We looked at a house yesterday and, for me, it was love at first sight. Truly. It’s the kind of house I would stare at during neighborhood jaunts in Seattle, North Carolina, and, now, California, wondering who lives there and what life would feel like if I was the person sheltered there. The kind of house reminiscent of books like The Secret Garden. The kind of house that oozes charm, character, and romance with every step, nook, cranny, and corner. It’s the kind of house, in short, that I’ve always secretly coveted … aside from one or two other architectural styles of houses that also embody my “perfect house.” So finding it and realizing that I’m [this] close to it and yet I remain so far away…well, it’s been difficult (shocking, I think, my reasonable partner). I’ve been sad, I woke up grumpy today, and I refuse to talk about it in futile attempts to get it out of my mind and far from the realm of my possibilities.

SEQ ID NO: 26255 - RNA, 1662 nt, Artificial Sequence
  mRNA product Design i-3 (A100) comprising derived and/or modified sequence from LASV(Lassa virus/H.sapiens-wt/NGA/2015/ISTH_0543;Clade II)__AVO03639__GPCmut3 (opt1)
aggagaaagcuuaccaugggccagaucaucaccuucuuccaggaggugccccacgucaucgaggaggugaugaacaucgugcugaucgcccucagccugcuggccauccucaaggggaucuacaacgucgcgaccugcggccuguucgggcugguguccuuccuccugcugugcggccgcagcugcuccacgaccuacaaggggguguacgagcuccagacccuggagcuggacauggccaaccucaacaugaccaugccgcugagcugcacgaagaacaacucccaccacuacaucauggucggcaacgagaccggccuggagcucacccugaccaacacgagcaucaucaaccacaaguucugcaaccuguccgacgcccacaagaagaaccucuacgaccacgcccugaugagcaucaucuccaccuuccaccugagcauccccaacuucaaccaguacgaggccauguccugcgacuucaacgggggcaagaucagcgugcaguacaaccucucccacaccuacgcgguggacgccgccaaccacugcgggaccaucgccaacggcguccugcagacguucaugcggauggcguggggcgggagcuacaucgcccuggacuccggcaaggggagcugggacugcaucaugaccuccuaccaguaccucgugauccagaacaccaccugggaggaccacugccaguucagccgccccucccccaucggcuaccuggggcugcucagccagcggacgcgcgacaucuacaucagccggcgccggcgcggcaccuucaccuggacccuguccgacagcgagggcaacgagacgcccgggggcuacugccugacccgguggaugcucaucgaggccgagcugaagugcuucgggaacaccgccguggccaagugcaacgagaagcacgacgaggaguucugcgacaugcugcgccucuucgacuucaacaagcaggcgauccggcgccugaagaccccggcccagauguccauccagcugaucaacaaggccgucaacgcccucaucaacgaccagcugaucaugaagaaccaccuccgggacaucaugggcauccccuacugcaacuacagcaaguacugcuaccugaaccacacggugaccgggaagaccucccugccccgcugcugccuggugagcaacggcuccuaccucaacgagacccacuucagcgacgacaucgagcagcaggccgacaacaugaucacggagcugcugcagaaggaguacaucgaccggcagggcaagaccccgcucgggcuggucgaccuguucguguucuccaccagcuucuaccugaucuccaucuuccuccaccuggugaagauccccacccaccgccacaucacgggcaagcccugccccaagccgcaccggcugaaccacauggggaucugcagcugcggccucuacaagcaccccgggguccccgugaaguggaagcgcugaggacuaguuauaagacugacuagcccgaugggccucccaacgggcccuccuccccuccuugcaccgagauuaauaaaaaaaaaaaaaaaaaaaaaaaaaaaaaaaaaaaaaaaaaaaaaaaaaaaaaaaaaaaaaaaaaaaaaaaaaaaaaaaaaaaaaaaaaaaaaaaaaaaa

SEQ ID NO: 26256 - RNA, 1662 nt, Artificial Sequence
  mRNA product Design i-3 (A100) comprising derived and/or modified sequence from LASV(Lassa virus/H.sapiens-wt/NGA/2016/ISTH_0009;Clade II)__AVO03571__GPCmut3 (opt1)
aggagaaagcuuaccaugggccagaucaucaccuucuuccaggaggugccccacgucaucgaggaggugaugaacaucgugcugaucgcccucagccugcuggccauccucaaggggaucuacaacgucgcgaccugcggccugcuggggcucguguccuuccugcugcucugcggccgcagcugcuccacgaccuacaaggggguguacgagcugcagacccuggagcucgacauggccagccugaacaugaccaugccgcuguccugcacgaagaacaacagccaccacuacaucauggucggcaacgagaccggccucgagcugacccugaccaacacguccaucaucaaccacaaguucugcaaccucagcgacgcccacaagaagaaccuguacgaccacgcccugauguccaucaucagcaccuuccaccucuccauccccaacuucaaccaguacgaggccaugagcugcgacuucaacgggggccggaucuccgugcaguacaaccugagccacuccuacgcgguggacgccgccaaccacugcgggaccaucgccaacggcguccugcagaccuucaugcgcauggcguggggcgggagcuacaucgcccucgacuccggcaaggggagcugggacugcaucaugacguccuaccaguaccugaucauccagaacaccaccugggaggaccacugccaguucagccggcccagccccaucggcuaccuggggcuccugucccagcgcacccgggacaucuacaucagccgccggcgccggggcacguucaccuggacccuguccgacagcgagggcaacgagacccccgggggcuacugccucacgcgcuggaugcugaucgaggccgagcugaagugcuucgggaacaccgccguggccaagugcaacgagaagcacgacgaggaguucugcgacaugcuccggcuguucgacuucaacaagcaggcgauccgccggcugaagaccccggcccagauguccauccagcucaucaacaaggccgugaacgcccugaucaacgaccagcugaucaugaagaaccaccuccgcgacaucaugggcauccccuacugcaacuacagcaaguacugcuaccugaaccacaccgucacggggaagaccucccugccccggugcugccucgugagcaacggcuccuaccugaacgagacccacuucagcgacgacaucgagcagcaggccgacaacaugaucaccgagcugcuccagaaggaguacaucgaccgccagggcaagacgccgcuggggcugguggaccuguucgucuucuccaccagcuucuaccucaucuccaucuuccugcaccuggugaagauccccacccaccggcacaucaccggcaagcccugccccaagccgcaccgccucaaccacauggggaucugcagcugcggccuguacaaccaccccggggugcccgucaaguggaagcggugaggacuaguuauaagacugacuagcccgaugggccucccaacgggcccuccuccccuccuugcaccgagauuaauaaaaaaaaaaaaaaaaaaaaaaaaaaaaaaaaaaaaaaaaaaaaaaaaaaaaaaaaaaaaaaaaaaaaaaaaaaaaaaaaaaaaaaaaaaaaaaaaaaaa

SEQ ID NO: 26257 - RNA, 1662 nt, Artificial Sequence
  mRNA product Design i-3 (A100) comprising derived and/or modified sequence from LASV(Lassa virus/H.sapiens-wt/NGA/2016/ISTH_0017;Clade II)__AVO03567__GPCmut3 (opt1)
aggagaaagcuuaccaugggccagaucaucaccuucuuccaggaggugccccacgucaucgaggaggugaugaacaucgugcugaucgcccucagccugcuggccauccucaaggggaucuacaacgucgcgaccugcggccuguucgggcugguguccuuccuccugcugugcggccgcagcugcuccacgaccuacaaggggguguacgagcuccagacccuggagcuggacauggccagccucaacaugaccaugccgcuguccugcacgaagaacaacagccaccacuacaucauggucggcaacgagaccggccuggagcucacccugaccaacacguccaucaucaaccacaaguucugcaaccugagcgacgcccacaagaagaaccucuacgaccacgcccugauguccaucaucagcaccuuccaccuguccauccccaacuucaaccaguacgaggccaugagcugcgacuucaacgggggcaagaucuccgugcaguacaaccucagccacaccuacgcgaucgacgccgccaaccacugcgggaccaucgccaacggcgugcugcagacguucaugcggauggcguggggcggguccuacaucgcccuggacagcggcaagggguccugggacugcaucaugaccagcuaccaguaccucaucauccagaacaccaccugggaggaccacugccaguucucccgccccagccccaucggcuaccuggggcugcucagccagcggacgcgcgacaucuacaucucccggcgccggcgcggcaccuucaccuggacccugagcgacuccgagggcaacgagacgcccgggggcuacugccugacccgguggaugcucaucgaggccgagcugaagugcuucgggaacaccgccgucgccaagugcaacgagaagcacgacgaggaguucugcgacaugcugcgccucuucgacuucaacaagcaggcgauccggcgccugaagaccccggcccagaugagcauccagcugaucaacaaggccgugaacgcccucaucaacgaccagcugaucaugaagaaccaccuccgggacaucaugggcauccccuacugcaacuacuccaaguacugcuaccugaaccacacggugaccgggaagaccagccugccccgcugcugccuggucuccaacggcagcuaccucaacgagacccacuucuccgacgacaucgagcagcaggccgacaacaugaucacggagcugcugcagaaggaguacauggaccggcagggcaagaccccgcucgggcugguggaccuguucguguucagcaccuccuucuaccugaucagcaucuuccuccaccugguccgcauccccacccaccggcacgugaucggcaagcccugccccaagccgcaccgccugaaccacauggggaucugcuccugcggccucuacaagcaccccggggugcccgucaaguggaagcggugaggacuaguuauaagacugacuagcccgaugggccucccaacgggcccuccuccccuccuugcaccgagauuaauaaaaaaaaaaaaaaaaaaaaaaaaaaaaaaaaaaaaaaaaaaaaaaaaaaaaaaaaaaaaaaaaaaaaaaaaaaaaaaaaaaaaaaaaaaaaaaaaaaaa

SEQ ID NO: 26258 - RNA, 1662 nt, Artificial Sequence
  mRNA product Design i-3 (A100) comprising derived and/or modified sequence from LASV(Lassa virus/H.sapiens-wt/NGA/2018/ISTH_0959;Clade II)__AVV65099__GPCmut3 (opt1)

How strange is it to grieve for something I don’t even own?
Coming on the mat today, I gave it this feeling a name: coveting. I realized that I have house-envy. Fueled by imagination and memory, my heart gave a little leap and soared about two feet before realizing that there was no safety net, foundation, or any soft thing that would either hold it aloft or cushion its fall back to reality. My heart thought that in that house I’ll find perfection – in that calm and wildly creative haven – because all these years of staring and dreaming have built that illusion.
Perfection, if it can be found or even held, is only in perception. And even then it’s because we don’t have Superman’s eyesight to find all of those innocuous “blemishes.” If a house is perfect, then it is perfect in the same way that my partner is perfect for me – it’s because I’ve deemed it so and my life finds contentment there. And I’ve got to practice aparigraha, or non-coveting, not because of the materialism involved, but because of the illusions on which my heart hopes to build its edifice. This house isn‘t perfect. Even if we miraculously got it and moved into it, this house wouldn’t be easier, calmer, or more creative than my present surroundings and it wouldn’t make my life instantly “perfect.” Only I do that…and I can only do it day-by-day, little-by-little by mindfully minding the present.